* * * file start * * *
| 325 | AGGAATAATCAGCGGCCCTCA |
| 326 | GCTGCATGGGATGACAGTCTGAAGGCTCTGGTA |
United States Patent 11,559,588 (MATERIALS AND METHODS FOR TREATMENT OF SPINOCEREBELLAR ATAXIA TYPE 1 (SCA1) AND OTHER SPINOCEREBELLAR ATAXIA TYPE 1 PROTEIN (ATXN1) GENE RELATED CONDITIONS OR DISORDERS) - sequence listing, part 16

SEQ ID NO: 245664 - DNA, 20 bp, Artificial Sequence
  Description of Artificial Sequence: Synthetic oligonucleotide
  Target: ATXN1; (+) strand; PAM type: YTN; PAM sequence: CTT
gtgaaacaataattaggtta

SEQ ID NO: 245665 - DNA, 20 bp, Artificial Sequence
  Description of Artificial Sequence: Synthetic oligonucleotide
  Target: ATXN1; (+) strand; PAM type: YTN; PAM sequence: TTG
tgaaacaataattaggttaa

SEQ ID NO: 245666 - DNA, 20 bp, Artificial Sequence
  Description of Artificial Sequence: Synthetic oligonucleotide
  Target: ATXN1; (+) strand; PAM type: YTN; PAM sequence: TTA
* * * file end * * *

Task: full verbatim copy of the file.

| 325 | AGGAATAATCAGCGGCCCTCA |
| 326 | GCTGCATGGGATGACAGTCTGAAGGCTCTGGTA |
United States Patent 11,559,588 (MATERIALS AND METHODS FOR TREATMENT OF SPINOCEREBELLAR ATAXIA TYPE 1 (SCA1) AND OTHER SPINOCEREBELLAR ATAXIA TYPE 1 PROTEIN (ATXN1) GENE RELATED CONDITIONS OR DISORDERS) - sequence listing, part 16

SEQ ID NO: 245664 - DNA, 20 bp, Artificial Sequence
  Description of Artificial Sequence: Synthetic oligonucleotide
  Target: ATXN1; (+) strand; PAM type: YTN; PAM sequence: CTT
gtgaaacaataattaggtta

SEQ ID NO: 245665 - DNA, 20 bp, Artificial Sequence
  Description of Artificial Sequence: Synthetic oligonucleotide
  Target: ATXN1; (+) strand; PAM type: YTN; PAM sequence: TTG
tgaaacaataattaggttaa

SEQ ID NO: 245666 - DNA, 20 bp, Artificial Sequence
  Description of Artificial Sequence: Synthetic oligonucleotide
  Target: ATXN1; (+) strand; PAM type: YTN; PAM sequence: TTA